By Keeping Gay Marriage out of Batwoman, D.C. Loses Creative Team

From The Mary Sue:

J.H. Williams III and W. Haden Blackman announced late last night that, after having given the matter much thought, they have decided that they can no longer work under their current state of editorial interference, and will be walking off DC’s Batwoman title as of issue #26. Batwoman, a perrennial GLAAD award nominee, is also the first superhero title at Marvel or DC to feature a lesbian character in the lead. Williams and Blackman have said they were upset at long outlined and communicated plot events being overturned by editorial at the last minute, but the one that bothered them most was DC prohibiting them from ever showing series lead Kate Kane actually marrying her fiancée Maggie Sawyer.”

It’s time for DC to get out of their own way on this one. Nothing’s more difficult to find than quality talent capable of telling moving stories. Interference that leads to losing that talent rarely (never?) pays off. And fear of gay marriage in the DC house is sure to take them nowhere. The value of our heroes is not in their orientations, but in their capacity for heroism in a dangerous world.  That Kate Kane happens to be a lesbian should not create any ripples among the bosses overseeing the DC Universe. Diversity of all kinds is a value in our universe, and it should in DC’s, too.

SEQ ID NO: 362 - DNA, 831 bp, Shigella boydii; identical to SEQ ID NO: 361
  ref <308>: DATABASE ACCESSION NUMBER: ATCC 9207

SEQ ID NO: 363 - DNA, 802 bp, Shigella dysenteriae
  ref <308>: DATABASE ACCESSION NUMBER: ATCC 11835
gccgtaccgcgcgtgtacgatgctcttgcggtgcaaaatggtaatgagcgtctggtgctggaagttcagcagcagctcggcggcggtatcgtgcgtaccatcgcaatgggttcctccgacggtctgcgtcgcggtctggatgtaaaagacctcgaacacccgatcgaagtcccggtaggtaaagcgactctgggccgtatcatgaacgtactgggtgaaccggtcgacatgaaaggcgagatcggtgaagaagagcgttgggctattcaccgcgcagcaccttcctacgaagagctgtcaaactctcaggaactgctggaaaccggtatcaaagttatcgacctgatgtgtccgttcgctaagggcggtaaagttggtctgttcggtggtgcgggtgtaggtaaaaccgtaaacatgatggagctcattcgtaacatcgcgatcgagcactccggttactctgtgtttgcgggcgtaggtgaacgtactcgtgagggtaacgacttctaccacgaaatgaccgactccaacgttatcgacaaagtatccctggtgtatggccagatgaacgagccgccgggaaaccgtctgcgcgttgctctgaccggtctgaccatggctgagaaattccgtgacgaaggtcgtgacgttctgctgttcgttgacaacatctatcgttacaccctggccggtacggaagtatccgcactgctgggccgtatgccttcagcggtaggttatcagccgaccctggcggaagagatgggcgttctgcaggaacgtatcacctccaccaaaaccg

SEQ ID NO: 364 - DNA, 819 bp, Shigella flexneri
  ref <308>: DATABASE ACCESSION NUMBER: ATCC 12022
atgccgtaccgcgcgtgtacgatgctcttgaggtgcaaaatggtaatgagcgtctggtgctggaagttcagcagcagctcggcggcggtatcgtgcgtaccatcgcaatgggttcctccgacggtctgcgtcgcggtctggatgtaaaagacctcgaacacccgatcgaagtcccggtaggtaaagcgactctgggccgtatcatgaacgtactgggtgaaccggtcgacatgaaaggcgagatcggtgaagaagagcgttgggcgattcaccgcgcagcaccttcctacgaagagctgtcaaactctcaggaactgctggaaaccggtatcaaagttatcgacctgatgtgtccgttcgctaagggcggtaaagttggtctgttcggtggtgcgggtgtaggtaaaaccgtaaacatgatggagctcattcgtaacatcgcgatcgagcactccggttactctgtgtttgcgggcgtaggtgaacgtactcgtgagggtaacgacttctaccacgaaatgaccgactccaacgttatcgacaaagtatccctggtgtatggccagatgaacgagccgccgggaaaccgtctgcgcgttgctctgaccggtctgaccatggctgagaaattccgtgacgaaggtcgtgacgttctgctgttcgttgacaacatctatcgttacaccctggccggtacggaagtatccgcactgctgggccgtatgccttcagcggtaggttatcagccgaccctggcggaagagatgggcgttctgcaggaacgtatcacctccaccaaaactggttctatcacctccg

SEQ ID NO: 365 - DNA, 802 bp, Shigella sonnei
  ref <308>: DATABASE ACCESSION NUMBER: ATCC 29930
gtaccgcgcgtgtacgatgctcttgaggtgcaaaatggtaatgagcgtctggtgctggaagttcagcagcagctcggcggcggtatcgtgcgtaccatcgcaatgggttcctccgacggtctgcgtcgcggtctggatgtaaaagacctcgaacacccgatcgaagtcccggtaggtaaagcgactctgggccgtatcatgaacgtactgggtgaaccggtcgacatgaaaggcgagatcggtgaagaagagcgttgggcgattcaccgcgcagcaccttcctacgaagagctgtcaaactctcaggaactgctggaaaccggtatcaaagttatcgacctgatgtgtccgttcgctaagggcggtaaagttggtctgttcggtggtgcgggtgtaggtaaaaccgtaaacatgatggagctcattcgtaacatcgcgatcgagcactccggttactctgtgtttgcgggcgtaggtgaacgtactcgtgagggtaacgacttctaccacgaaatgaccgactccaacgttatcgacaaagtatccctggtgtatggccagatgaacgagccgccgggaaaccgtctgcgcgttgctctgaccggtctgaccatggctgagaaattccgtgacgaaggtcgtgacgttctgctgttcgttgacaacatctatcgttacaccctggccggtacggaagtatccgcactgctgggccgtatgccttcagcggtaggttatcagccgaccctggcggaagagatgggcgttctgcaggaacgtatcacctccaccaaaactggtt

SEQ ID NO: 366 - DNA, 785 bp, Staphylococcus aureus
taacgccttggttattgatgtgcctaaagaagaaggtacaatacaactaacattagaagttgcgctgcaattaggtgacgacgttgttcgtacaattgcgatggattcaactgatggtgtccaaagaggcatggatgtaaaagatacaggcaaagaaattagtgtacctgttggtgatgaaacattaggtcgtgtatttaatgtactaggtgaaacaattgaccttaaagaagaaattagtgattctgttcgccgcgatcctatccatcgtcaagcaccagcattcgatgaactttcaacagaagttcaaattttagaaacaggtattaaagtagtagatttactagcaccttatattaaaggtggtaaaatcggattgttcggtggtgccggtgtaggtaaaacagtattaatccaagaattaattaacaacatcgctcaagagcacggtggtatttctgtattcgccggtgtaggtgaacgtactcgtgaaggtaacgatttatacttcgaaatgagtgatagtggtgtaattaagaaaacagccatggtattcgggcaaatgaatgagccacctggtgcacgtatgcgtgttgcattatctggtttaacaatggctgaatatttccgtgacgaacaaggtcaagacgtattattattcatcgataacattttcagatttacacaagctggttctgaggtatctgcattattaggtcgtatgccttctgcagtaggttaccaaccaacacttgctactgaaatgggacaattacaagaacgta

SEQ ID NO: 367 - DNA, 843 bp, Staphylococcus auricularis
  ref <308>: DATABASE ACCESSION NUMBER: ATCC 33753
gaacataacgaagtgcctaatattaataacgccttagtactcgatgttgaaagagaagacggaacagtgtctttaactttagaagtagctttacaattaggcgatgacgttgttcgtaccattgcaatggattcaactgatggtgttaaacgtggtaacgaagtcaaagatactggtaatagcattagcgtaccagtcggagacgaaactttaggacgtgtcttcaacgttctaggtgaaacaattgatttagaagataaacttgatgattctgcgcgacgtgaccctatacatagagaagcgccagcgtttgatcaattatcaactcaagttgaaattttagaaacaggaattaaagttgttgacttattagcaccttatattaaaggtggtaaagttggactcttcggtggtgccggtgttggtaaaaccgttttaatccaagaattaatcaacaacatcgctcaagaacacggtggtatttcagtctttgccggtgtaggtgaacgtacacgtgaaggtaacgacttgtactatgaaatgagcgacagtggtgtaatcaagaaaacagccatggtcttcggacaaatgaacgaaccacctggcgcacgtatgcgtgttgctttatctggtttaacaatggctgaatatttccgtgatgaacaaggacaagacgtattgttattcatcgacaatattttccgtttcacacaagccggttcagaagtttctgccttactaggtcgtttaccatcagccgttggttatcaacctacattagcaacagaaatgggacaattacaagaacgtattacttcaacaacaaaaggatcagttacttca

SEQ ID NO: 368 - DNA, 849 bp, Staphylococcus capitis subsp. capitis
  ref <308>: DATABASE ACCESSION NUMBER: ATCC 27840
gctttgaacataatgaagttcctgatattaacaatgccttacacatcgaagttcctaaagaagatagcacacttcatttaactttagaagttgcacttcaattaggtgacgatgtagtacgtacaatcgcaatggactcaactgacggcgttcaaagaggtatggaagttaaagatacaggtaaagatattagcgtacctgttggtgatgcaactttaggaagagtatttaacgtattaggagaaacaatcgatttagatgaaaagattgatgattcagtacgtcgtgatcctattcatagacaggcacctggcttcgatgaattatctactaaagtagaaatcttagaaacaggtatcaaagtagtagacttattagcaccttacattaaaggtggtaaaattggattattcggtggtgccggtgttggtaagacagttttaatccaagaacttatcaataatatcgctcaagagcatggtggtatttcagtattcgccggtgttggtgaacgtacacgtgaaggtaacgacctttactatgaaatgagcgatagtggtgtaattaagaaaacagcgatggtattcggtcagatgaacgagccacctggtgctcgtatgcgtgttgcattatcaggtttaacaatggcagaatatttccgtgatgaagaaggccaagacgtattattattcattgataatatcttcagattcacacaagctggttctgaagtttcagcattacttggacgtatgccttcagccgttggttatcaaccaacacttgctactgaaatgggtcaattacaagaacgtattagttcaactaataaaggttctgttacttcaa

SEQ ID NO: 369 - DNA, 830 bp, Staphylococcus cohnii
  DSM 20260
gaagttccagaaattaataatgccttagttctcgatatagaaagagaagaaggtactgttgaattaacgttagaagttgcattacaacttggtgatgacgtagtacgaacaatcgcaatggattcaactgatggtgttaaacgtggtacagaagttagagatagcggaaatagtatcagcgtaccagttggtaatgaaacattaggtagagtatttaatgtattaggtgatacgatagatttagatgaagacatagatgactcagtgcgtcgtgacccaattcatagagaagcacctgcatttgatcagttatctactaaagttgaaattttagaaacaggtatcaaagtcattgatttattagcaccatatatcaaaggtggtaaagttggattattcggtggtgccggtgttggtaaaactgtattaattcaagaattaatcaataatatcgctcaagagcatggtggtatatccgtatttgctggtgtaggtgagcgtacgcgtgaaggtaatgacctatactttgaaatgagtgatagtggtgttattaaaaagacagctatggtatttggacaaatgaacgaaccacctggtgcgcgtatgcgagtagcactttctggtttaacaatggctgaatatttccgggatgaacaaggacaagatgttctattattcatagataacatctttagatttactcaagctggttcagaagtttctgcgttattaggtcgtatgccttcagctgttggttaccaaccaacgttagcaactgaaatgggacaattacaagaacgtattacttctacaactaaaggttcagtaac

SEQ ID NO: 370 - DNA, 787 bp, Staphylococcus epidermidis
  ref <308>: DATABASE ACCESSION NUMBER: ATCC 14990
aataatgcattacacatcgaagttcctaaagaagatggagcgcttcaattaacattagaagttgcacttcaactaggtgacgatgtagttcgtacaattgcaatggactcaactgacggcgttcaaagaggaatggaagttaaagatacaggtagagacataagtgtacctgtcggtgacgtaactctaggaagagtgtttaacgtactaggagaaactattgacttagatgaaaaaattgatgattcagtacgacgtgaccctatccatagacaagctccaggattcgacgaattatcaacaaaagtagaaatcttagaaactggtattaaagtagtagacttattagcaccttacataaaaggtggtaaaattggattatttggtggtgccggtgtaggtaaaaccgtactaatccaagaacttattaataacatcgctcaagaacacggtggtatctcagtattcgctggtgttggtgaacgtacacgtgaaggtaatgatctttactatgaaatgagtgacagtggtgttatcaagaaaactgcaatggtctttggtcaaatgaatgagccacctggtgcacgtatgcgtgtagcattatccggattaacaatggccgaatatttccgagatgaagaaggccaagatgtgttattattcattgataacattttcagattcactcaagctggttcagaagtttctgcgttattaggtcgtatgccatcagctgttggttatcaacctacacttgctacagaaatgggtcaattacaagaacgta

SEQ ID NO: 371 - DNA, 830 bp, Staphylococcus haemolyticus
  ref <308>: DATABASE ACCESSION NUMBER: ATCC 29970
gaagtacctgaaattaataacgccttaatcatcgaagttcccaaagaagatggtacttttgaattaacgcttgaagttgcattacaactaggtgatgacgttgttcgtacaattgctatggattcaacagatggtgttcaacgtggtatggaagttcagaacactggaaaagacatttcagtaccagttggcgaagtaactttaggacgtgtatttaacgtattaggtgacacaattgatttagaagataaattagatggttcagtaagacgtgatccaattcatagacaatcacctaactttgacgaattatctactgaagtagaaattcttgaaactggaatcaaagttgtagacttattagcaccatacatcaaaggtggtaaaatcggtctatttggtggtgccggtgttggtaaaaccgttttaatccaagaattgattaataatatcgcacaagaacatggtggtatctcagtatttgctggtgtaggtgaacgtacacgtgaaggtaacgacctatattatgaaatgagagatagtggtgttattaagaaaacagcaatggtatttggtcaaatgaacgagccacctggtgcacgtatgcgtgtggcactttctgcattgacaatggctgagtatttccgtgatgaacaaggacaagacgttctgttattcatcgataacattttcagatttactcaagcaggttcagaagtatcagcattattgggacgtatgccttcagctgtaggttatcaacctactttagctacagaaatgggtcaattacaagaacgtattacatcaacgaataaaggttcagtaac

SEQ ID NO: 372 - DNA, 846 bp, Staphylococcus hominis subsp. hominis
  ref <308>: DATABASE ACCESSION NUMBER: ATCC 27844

The loss of Williams and Blackman at DC Comics can’t be untied from another tumultuous DC relationship with Orson Scott Card. The notoriously homophobic Card’s Superman was put on hold earlier this year, led to the illustrator quitting the job, and is now in limbo. The film adaptation of Ender’s Game has been surrounded by controversy due to Card’s anti-gay and lesbian work.

After all the bad press, boycotts, and controversy surrounding Orson Scott Card, one must wonder at DC’s decision to restrict its most famous homosexual hero from marriage.

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